Successful social media strategies for authors – Simon’s talk at AuthorHQ

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Cf6Q2RjWwAA5GJO.jpg-largeLast week at London Book Fair Simon took part in a seminar at Author HQ, alongside Will Rycroft, Community Manager for Vintage, part of the Penguin Random House empire, on the topic of successful media strategies for authors. Here are some of the highlights of Simon’s part of the talk.

It’s important for authors to play the long game when establishing an author’s digital footprint – have a strategy and give it time to work, rather than chopping and changing social media platforms or content marketing approaches before they can be.

A website that an author has full control over is a key part of that strategy – it’s base camp, their home on the web, their digital hub. While social media platforms can change without warning (or indeed, could start to charge without warning), disappear or merge, with a website there’s no question over who owns and controls the content. A website provides analytics data, and crucially, the opportunity to build a mailing list of contacts, which can be fully owned and controlled by the author (with MailChimp free for a list of up to 2,000 subscribers, there’s no need to worry about cost until the list hits a meaningful size). Websites can evolve over time, as an author’s writing career will.

The crucial thing to think hard about for an author website is content – it’s difficult to understate how important this is. While Bookswarm would never downplay the importance of good design, having a good-looking website without good content is a significant missed opportunity, because users will not want to come back to it and search engines will not engage with it properly.

Website content for authors has two critical dimensions:

Book information

In our experience, the biggest missed opportunity for authors on their website is failing to provide any information about their books that is exclusive, and can’t be obtained from retailer websites or their publisher’s site. This could be:

  • Research notes or images
  • Character sketches or biographies
  • Maps
  • Early drafts or deleted scenes or passages

but the author can give full rein to their imagination when thinking about this, and even set out to create this content during the process of writing the book.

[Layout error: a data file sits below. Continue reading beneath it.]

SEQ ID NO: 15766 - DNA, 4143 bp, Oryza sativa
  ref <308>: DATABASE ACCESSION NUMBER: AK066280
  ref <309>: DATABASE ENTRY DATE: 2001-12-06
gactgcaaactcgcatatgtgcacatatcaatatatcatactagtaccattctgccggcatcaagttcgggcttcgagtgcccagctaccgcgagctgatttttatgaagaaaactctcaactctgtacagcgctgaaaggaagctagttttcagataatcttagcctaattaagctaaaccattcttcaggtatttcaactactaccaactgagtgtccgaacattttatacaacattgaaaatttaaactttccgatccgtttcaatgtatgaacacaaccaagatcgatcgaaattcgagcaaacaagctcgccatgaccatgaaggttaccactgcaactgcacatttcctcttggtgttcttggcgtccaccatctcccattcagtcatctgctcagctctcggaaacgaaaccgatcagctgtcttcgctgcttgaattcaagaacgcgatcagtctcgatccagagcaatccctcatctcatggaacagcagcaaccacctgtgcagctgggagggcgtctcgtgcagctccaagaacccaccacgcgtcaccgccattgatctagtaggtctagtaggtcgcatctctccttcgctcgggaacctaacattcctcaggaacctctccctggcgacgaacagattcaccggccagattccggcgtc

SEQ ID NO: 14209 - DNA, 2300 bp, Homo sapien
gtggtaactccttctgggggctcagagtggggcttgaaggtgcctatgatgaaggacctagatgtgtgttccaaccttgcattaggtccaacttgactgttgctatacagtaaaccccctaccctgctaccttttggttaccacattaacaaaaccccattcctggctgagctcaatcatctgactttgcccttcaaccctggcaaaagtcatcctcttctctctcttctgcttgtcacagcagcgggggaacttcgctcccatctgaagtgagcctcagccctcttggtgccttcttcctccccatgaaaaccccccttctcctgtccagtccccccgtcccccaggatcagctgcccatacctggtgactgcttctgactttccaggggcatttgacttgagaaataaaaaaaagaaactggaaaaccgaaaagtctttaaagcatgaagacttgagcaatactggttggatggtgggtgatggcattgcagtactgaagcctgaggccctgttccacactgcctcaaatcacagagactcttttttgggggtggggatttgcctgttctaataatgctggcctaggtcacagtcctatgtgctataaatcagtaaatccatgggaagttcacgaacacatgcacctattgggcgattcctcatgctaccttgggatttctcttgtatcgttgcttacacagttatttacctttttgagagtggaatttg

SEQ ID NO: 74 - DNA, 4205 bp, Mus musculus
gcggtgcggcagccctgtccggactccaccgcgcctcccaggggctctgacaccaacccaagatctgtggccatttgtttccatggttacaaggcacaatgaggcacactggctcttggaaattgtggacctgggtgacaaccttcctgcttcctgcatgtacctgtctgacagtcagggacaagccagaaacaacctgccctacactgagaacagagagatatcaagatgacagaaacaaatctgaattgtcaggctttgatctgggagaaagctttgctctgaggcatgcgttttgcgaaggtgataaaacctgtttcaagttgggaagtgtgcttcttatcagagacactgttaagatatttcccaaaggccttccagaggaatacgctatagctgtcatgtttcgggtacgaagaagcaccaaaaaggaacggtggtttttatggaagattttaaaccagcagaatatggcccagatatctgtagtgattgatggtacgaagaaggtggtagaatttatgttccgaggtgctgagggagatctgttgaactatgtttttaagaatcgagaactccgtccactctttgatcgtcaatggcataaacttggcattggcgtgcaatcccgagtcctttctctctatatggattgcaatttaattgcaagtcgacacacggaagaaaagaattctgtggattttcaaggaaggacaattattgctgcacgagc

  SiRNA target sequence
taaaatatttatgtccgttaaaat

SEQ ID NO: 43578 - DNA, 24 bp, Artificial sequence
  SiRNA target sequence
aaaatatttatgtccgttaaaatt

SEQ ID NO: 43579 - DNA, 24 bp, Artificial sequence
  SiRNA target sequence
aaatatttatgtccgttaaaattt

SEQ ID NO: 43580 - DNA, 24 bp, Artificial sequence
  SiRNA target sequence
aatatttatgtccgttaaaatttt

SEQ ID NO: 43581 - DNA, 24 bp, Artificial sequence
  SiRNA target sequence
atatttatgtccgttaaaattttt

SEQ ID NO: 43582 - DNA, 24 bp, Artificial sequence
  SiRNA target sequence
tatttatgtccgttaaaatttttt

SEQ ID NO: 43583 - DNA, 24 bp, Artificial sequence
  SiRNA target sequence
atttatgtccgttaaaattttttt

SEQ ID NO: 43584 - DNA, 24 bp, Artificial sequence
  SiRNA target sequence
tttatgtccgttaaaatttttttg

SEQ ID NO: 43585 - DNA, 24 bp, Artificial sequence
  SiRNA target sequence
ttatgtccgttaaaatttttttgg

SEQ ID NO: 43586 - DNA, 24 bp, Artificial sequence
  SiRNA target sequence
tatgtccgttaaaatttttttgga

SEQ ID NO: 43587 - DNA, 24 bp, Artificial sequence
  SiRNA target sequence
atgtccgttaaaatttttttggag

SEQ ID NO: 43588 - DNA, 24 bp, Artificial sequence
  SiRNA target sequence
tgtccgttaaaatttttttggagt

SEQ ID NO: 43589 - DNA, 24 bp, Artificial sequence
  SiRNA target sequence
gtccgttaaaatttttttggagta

News and blogging

If an author is intending to blog, they should choose a tone and frequency that fits with their writing style and social media plans. It’s not necessary to reveal personal information – the focus can be on the books.

Ideas for blogging approaches:

  • Thematic blogs around subject matter related to the book(s)
  • Blogging in character
  • Blogging about influences and inspirations
  • Teaming up with other authors

The key thing is to try and live up to whatever promises the blog makes, about style, subject and frequency of updates – it’s better to under-promise and over-deliver than the opposite.

Case studies

Here are some good examples from Bookswarm clients:

Shannon SelinShannon Selin

Since launching her website in November 2013, Shannon has blogged once a week about a wide range of Napoleonic topics, based on her reading and research – and she has e-mailed her growing e-mail list every Friday. Here’s a guest post Shannon wrote for us with 10 tips for authors and here’s her website.

71G6GSPevgL._UX250_Katy Birchall

Katy’s blogging approach encompasses a mixture of author updates, video blogging and writing blog posts in character – creating additional content that’s perfect for her pre-teen and teenaged audience. See Katy’s website

Untitled-2Marcus Chown

Marcus asked us to include fun science facts in his website, supported by strong imagery which reinforces and supports his approach to explaining his subject. For example, did you know there are about 15 galaxies for every man, woman and child on earth (but Marcus has called dibs on this one)? See Marcus’s website

Final thoughts

Simon and Will were asked to give five tips each at the end of the seminar. Simon’s were:

  • Use your website to give visitors inside information
  • Prioritise content over design
  • Focus on a clear, long-term content strategy that’s right for you
  • Build your own e-mail list
  • Be authentic

We hope that both the audience and you found this useful – drop us a line if you have any questions about our work with authors.

Thanks to Will for the panoramic image at the top of this post!